Bill Wilson: “It’s karma or kismet.”

Seeing his daughter Jody appointed federal justice minister three decades after he told Prime Minster Pierre Trudeau she wanted to be Prime Minister is “karma or kismet”, according to First Nation’s leader Bill Wilson. He says he remembers the exchange like it was yesterday, even though it occurred in 1983 in Ottawa during at constitutional conference on native issues. Jody was reportedly 12-years-old and watched the exchange on TV at their home in Campbell River, B.C. Jody Wilson-Raybould was appointed Justice Minister by Trudeau’s son Justin in November 2015.

Plain Language Training Guides

Human Resource Development Canada once funded development of a Plain Language Online Training site which no longer exists. The instructional content of the site was adapted from a 1991 Government of Canada writing guide called Plain Language: Clear and Simple and an accompanying Trainer’s Guide.

Although both documents are difficult to find these days, according to Canadian editor Iva Cheung, “despite their age, they are among the best plain writing guides I have come across”. She has made pdf copies available (in both official languages) for free download on Google Drive. If you are interested, click here to go to her site. They are also available for free download on Clear Communication Wiki.

Your Writing = Your Competence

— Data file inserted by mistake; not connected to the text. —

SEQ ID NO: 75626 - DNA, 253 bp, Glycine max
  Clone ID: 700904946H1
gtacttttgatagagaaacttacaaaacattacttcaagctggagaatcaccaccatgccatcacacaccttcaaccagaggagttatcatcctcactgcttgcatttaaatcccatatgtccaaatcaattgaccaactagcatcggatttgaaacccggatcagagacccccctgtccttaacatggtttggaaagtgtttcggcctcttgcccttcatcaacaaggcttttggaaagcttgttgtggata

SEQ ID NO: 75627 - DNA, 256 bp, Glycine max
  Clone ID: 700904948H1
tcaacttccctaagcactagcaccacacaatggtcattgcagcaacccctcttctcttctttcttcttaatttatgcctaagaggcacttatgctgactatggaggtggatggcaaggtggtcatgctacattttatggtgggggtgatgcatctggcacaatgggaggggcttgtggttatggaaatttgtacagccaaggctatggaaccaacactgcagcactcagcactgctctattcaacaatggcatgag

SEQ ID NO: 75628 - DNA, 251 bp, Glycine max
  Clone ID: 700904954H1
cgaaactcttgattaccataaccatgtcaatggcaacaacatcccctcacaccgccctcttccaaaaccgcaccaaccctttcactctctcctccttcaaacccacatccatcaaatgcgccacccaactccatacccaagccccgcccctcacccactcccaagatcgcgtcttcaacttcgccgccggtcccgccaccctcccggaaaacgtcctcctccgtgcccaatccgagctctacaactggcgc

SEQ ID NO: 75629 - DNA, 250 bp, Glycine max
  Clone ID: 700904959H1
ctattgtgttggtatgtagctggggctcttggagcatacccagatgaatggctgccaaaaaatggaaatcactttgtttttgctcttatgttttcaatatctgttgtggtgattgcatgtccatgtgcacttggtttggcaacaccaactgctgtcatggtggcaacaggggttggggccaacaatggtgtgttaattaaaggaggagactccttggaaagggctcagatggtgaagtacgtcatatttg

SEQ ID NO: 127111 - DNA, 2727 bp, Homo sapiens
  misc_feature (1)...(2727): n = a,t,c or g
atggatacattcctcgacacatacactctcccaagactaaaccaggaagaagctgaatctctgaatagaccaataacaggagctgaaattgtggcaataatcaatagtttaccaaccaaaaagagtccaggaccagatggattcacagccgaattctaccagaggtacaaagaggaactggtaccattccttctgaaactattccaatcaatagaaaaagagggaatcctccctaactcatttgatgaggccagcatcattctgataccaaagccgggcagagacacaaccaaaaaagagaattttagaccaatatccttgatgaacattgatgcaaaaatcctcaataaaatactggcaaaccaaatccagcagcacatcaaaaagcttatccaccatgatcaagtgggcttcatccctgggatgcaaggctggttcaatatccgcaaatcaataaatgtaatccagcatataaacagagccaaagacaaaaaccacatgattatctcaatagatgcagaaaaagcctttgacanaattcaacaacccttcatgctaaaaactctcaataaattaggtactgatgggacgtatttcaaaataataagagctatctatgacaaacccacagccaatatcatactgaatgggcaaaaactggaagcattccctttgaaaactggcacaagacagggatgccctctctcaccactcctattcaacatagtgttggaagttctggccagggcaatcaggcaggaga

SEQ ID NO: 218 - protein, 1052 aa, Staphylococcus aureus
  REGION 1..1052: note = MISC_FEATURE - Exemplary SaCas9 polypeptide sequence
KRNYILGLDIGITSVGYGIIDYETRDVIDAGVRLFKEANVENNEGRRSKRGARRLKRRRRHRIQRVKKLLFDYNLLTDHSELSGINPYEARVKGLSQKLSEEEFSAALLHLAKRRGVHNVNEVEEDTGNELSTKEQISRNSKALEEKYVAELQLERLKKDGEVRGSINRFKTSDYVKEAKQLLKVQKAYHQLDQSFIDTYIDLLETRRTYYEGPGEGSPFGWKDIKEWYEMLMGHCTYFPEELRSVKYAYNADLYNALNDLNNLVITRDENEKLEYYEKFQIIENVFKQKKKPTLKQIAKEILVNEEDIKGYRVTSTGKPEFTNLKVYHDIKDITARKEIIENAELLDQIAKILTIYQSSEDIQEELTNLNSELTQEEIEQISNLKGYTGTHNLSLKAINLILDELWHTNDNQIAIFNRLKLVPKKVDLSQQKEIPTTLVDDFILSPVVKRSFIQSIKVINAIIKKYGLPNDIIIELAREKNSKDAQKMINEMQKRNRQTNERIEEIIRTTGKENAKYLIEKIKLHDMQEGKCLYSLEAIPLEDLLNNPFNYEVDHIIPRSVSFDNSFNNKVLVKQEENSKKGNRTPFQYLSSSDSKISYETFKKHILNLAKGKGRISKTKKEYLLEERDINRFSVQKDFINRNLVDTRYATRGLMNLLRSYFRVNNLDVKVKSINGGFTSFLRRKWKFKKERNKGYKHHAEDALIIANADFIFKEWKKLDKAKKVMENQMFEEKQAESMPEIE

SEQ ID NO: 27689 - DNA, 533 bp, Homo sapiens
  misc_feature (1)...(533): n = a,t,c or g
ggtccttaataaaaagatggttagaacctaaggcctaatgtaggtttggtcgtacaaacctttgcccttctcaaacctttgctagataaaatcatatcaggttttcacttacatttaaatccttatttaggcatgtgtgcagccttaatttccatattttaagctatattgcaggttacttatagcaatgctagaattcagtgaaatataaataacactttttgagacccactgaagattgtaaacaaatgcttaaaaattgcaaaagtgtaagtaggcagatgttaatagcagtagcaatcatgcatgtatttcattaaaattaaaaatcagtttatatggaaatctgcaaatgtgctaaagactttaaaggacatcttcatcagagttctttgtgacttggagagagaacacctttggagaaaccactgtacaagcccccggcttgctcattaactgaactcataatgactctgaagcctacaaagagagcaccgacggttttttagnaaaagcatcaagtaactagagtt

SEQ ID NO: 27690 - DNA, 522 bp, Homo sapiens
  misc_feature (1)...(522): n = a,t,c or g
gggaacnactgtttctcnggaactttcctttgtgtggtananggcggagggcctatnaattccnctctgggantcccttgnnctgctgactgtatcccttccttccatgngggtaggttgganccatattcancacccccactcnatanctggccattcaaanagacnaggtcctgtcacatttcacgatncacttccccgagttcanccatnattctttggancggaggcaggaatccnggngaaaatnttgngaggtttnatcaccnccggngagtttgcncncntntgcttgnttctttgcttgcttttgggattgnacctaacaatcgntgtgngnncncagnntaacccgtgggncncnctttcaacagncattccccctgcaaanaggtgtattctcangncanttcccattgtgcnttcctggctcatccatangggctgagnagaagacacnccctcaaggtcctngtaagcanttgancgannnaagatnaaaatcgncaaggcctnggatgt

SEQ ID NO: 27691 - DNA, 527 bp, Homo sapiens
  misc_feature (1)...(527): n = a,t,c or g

“If officials can’t even get my correspondence and briefing notes right, how can I trust them to manage the Immigration program?”

When I heard a Canadian Minister of Immigration say that to the Deputy Minister, it piqued my curiosity.  What if officials approached the task of writing as a measure of their competence or credibility; how different might their attitudes and products be?

And then, because it’s always political in the public sector, even on a website, I qualify – it was not the current Minister, not even the current government.

I share that exchange when I’m delivering public sector training programs as an example of how senior and elected officials may think about your writing (whether it is reasonable or not).

Communication & Credibility

Having just conducted 103 assessments of students entering a Master’s degree program, here’s the bottom line. How you communicate is a measure of your credibility. It makes an immediate impression on the listener or reader. No matter how brilliant the content may be, it is diminished if your communication skills are lacking. Flip that around – if your presentation is masterful, even if the content is not brilliant, you can make a positive impression. Be clear, direct and “ruthless’ in your own self-assessment. Have you ever noticed, there seems to be a correlation between unrealistic self assessment and not being able communicate very effectively? Or that people who have the most masterful presentation, often wonder if they could have done a better job? If your audience doesn’t understand what you’re communicating, it’s your fault, not theirs, according to Seth Godin.

Misunderstood? It’s Always Your Fault!

If the person reading your briefing note doesn’t understand the issues, blame yourself. Although it’s easier to say it’s the reader’s fault, my friend Kirsten Farris reminded me: as the writer, you are responsible for the response you get. That’s one of the presuppositions of Neuro-Linguistic Programming (NLP): “the meaning of your communication is the response (feedback) you get”.

So, for example, if you write a briefing note or a blog post, and the reader has to ask all sorts of questions, you are responsible for having missed something.

And, according to marketing guru Seth Godin, if you are a student in my class and you don’t learn what I’m teaching, I’ve let you down. So once again, if you don’t get what I mean by all this, it’s my fault!